All about Monoi

In the summer, there is a product whose success is undeniable: Monoi oil. Its flowery and subtle scent has the power to instantly spark sunshine, white sandy beaches, or days of sunbathing on a towel. But if many brands today use this ingredient in their formulas (there are over 500 to date), it’s not just for its fragrance but also for its many often overlooked cosmetic properties. explanations.

Monoï, one of the heirloom beauty products

Monoï de Tahiti, or “holy oil” in Maohi, has been used for generations and is an integral part of the daily lives of Polynesians who use it to moisturize and protect hair and skin from the effects of sun, salt or wind.

The preparation of Monoi oil, resulting from ancestral knowledge, is the fruit of a mixture of Tiare Tahiti flowers (Gardenia taitensis), white flowers that grow naturally in French Polynesia and refined Polynesian coconut oil (Cocos nucifera). Note thatThere are many types of MonoïEach Polynesian island has its own recipes.

What are the benefits of monoi?

They are used in the traditional Tahitian pharmacopoeia to relieve headaches, treat wounds, or treat certain types of eczema, Tiare Tahiti flower is full of soothing and purifying active ingredients Like methyl salicylate, which cleanses the skin. Coconut oil, for its part, is highly moisturizing and rich in saturated fatty acids (mainly lauric acid).

The synergy of these two ingredients, what we will call Monoi, results in a moisturizing oil like shea butter or jojoba oil that is able to soothe and soften the skin, repairing hair and adding shine and softness.

The many uses of monoi oil

Monoi oil can be used in many ways and contrary to popular belief, it can be used all year round, not just in summer: as a restorative hair mask, as an after-sun care to moisturize and enhance a tan, in a massage oil or even as a perfume for shower water.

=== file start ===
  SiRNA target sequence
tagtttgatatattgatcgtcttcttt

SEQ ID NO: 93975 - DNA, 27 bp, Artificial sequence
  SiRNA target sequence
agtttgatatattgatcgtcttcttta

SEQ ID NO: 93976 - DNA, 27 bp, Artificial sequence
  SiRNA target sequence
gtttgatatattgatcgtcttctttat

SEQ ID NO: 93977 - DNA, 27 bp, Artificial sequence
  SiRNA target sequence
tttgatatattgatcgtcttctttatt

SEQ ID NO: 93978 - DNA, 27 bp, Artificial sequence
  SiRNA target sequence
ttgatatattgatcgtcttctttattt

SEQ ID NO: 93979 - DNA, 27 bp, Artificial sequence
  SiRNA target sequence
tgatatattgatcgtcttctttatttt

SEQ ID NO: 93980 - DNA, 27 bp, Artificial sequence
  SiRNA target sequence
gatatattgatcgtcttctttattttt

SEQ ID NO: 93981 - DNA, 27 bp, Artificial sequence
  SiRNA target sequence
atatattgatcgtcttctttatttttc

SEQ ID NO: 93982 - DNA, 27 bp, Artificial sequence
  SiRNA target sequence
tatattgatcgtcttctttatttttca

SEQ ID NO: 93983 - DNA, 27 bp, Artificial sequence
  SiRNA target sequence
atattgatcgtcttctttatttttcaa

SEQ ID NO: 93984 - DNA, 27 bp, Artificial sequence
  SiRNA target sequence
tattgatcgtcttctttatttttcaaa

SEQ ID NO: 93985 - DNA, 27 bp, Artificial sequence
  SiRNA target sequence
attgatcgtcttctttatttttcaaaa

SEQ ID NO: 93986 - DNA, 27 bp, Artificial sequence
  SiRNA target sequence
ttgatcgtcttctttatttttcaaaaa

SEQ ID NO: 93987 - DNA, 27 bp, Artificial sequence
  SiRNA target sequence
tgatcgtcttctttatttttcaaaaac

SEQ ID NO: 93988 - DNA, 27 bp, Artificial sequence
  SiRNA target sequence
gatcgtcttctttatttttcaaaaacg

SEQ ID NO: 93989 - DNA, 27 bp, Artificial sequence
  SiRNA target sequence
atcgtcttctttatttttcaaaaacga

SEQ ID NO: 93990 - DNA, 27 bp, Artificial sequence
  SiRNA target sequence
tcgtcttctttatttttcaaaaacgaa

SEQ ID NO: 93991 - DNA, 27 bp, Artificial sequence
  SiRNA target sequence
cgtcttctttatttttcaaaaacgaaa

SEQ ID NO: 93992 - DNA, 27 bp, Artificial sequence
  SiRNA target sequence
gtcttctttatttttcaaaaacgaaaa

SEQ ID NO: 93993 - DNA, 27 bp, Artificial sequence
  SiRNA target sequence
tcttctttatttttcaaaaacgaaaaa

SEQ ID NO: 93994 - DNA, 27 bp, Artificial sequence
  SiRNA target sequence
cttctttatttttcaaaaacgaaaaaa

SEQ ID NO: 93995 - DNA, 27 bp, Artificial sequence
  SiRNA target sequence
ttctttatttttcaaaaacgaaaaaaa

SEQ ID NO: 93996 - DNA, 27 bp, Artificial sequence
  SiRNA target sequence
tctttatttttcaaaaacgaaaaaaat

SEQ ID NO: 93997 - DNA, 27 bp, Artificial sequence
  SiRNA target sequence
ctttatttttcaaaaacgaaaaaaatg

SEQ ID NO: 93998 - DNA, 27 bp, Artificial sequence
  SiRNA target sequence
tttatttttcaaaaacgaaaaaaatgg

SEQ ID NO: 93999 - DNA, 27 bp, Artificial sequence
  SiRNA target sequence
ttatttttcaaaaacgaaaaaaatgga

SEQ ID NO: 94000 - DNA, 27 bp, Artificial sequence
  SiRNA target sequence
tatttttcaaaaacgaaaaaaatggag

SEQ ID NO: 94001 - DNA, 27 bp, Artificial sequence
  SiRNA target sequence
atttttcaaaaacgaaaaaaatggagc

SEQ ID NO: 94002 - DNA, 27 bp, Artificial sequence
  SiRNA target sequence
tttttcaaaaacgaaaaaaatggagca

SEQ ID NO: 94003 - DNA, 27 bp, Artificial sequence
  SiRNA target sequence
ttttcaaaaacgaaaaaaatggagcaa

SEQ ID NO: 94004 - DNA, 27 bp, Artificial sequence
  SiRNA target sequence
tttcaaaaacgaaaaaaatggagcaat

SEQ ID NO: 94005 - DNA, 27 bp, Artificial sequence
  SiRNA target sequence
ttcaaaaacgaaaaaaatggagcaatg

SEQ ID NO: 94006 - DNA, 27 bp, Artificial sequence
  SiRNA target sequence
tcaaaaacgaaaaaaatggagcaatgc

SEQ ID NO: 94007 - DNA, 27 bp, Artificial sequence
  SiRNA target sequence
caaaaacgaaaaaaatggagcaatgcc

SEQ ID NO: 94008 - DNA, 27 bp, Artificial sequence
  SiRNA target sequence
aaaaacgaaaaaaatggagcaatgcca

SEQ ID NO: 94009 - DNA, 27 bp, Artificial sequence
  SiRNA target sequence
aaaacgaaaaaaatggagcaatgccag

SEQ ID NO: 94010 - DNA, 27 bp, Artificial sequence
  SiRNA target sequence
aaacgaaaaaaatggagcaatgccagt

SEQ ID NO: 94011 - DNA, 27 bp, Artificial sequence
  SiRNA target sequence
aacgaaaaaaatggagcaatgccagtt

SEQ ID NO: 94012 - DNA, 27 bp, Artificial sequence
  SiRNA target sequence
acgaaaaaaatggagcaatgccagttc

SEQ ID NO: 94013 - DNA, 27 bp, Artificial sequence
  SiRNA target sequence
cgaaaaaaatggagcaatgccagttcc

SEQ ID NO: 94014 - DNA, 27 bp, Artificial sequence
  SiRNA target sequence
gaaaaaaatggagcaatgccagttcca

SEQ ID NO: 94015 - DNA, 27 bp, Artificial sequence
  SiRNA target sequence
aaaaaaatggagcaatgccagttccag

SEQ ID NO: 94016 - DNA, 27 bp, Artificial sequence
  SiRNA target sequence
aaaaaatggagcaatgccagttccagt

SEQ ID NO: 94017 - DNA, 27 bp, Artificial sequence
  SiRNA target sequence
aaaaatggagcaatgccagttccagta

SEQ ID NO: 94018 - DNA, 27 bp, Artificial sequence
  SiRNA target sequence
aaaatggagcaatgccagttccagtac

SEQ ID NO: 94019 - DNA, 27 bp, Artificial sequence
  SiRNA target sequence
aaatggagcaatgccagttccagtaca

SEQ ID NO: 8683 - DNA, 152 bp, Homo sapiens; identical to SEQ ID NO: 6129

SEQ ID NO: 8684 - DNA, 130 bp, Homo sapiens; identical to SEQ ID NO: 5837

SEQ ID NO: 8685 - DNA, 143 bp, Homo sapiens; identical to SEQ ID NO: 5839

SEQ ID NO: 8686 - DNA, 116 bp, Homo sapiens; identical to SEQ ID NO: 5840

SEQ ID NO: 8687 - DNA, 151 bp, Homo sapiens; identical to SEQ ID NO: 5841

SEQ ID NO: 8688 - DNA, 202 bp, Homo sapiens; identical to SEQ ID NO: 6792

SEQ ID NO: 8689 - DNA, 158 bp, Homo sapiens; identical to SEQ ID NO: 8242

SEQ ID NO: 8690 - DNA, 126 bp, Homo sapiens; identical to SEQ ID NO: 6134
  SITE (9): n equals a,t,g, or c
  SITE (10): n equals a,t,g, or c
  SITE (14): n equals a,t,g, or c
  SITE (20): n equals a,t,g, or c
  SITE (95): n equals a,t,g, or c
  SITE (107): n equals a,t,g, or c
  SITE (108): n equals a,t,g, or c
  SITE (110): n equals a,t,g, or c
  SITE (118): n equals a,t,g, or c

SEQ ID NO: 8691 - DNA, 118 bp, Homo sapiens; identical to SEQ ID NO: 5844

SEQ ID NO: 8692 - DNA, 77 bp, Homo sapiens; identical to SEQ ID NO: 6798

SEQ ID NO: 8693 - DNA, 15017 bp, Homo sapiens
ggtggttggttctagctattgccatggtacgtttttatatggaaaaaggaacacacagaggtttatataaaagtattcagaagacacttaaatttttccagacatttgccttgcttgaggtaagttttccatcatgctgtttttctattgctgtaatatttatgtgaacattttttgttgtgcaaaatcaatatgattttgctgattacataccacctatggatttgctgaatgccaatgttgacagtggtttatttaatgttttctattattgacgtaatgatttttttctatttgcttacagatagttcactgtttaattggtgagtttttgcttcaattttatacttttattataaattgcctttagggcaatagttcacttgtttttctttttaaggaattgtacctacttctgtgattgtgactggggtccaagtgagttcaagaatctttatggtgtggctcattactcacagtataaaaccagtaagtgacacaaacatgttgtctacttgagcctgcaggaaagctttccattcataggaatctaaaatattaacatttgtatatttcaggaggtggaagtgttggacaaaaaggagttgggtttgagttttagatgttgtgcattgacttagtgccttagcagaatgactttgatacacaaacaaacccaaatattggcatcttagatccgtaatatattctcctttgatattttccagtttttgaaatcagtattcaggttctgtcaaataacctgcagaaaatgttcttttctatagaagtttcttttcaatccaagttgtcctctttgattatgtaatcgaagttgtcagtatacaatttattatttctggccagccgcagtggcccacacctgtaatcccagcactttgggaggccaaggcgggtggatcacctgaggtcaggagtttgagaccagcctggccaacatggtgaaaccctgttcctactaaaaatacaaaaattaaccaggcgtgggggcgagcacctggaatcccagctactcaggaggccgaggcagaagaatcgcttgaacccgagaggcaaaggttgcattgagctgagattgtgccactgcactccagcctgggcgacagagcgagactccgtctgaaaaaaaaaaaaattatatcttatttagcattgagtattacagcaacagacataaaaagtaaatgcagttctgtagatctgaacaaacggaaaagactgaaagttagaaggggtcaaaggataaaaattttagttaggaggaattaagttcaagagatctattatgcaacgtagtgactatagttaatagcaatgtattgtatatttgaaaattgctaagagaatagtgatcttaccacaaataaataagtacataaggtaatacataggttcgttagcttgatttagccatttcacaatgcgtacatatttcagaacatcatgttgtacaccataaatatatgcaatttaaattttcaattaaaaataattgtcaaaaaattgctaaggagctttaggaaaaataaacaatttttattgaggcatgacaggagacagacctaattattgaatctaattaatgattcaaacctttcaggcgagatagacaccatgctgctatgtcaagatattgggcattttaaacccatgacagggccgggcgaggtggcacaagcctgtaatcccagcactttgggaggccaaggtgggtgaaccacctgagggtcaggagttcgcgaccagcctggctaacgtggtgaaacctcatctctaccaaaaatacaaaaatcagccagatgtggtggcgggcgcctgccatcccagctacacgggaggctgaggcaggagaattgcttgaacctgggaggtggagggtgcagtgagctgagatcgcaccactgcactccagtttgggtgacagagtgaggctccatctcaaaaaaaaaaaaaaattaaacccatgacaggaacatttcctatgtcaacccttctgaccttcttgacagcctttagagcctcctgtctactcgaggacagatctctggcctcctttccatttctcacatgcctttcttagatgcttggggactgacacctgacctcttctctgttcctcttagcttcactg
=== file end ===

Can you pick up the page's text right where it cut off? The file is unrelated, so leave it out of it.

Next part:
Be careful, however, if it is part of the composition of many sun protection products, Monoi oil alone does not protect against the sun because it does not contain sunscreens.

Also, like all natural oils, Monoï de Tahiti freezes at a certain temperature. Below 24°C, the bottle should be run under hot water to find liquid and silky oil.

Monoï de Tahiti, a protected designation since 1992

At the end of the eighties, the producers of Monoï de Tahiti, in order to protect the Monoi industry, decided to meet and define common specifications. “In some countries, the Monoi found in beauty products was not native to the Monoi from Tahiti. These products are incompatible with Polynesian culture. In order not to denigrate Monoi, the industry, with the help of the Polynesian government, decided to choose the creation from an appellation of origin (AO),” explains Eric Vaccelier, Representative of the Monoï de Tahiti Association.

By definition, appellation of origin, “is the geographical name of a country, region or local area, which serves to designate a product in which it has originated, and whose quality and characteristics are due exclusively or primarily to the geographical environment, including natural and human factors.”

For AO, So Monoi oil must meet very specific specifications In order to ensure maximum efficiency and quality for consumers: “Whatever the manufacturer is, he must select Tiare flowers (from Tahiti and its islands) in the case of the button. Then they must be compulsorily used in the 24 hours following harvest so that they are as fresh as possible in order to preserve active ingredients,” explains Eric Vaccelier.

Each liter of oil – not just any oil, coconut oil obtained from coconuts exclusively from the coral soils of French Polynesia – must contain at least 10 flowers. “It’ll soak in the oil for at least 10 days, and then after you remove it we get what’s called a raw monohydrate,” adds Eric Vaccelier.

If a brand wants to use Monoi oil, they can add a fragrance (such as vanilla, coconut, or ylang-ylang) and sometimes an antioxidant such as vitamin E to the formula. But be careful, so you can name the perfume “Monoï de Tahiti”, Brand should not mix Monoi Oil with other Coconut Oil And it must ensure a minimum concentration of Monoi Oil: in body products or in dry oil, for example, it must be between 30 and 50% minimum of the formula.

To find out if the product you want to buy has a category of origin, you can actually start by looking if the product has the ‘seal’ of the category of origin. However, trademark use is not required. Another option: Check that the terms “Cocos nucifera” and “Gardenia tahitensis” are mentioned on the ingredients list on the package.

Find out below A selection of Monoi de Tahiti products.

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